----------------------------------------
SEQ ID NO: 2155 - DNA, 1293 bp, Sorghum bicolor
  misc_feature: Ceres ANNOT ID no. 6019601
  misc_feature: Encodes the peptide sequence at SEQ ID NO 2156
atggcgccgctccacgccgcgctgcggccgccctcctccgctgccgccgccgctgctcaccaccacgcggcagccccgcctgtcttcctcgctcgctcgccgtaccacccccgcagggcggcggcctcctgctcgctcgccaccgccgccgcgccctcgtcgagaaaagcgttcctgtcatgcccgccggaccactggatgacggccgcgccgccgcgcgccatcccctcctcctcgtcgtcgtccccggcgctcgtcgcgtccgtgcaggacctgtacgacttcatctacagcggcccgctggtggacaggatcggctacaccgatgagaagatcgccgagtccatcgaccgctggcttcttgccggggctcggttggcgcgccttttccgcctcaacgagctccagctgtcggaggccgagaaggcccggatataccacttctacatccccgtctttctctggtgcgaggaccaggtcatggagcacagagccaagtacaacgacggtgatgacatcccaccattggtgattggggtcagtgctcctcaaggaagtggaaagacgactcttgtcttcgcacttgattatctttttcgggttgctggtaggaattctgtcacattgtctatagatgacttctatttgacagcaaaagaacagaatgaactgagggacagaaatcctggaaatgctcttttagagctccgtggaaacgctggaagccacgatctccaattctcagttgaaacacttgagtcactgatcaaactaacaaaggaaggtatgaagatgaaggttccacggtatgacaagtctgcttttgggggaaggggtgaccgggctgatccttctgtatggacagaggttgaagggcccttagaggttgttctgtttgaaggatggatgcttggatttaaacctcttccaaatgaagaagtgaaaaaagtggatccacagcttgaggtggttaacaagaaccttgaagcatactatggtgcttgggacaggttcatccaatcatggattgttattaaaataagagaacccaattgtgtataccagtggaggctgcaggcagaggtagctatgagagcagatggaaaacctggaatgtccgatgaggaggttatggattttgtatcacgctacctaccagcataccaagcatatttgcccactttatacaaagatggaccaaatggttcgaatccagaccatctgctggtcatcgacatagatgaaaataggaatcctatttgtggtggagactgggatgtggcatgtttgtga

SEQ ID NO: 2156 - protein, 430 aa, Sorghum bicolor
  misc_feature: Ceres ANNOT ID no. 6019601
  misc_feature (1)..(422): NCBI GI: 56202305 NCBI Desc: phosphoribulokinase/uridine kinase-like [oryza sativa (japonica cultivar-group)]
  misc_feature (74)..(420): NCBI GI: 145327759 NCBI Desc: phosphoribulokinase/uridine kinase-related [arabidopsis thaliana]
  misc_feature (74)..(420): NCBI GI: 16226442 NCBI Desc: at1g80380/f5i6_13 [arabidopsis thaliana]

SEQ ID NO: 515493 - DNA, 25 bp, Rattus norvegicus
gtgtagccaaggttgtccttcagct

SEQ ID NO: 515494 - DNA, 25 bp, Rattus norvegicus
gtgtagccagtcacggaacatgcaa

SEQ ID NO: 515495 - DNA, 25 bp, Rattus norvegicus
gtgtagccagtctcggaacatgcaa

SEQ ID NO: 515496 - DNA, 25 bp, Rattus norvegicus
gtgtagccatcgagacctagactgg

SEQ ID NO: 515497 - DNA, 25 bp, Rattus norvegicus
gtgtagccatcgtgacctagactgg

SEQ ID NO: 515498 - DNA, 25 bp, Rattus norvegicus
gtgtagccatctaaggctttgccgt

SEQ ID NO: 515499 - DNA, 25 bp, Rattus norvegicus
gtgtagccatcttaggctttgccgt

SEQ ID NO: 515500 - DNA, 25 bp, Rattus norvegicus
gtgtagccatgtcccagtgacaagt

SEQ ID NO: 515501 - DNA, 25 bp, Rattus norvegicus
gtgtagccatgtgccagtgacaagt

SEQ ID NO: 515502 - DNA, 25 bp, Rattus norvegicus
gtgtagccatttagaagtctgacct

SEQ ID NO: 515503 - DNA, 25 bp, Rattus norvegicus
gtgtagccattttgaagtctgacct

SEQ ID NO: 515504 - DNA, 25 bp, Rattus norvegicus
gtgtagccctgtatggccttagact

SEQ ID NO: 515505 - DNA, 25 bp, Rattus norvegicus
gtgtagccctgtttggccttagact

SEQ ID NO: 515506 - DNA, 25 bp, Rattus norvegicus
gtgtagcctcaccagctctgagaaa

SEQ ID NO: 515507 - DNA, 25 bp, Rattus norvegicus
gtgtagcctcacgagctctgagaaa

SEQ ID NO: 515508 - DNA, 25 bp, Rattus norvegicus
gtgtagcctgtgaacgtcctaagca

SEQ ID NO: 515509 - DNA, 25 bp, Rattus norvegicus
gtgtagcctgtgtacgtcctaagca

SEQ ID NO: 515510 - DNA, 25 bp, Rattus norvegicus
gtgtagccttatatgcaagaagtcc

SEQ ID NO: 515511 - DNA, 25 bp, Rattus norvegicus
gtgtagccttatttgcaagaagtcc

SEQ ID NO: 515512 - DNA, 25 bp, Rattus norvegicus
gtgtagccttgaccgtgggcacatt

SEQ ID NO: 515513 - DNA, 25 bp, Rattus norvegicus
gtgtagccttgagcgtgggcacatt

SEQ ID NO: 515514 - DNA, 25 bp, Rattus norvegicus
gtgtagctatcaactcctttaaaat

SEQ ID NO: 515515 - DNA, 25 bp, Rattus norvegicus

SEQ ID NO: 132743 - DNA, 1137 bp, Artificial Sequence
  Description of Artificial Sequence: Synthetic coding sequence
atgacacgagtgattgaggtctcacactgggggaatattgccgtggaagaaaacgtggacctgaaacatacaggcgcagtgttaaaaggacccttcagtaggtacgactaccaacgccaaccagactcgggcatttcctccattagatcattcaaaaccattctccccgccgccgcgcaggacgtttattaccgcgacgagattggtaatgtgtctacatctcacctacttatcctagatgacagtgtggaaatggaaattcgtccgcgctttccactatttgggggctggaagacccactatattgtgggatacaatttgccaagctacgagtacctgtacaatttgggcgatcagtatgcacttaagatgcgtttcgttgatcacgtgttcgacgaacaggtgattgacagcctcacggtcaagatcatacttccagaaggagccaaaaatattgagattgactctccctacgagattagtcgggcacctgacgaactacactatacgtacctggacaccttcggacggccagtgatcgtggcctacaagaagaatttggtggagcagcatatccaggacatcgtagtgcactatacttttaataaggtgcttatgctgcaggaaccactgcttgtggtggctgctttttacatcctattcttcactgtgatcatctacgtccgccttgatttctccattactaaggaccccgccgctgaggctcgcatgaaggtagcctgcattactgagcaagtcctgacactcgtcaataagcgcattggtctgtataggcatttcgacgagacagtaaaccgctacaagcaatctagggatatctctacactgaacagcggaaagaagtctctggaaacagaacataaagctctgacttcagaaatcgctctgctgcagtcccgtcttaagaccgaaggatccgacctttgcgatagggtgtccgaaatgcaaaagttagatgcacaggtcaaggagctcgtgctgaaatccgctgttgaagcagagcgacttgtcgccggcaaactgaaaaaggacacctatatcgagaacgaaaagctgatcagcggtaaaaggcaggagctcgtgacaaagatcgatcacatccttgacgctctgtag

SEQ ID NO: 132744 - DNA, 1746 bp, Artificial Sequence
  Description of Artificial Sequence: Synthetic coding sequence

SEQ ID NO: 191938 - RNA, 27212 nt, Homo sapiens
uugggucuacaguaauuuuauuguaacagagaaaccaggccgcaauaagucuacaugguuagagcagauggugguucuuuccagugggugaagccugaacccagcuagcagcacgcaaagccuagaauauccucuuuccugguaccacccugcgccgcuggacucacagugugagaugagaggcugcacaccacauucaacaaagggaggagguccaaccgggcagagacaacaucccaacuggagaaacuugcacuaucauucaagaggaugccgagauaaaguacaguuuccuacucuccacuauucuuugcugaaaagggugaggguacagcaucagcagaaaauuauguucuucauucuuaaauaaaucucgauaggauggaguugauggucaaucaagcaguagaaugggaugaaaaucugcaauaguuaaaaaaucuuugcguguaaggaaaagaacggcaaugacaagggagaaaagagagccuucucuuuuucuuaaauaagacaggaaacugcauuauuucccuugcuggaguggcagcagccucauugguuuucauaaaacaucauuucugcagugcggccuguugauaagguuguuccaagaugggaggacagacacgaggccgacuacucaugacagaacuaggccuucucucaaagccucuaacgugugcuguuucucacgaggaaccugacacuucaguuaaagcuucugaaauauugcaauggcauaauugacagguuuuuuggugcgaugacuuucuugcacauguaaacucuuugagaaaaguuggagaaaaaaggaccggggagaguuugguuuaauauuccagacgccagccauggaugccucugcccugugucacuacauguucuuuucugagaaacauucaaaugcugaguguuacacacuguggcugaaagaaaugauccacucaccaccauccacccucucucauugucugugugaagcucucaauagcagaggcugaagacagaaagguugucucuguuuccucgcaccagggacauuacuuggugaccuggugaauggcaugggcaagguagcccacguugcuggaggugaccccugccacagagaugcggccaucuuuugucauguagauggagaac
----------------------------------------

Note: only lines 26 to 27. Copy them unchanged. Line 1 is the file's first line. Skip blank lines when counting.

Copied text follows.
SEQ ID NO: 515501 - DNA, 25 bp, Rattus norvegicus
gtgtagccatgtgccagtgacaagt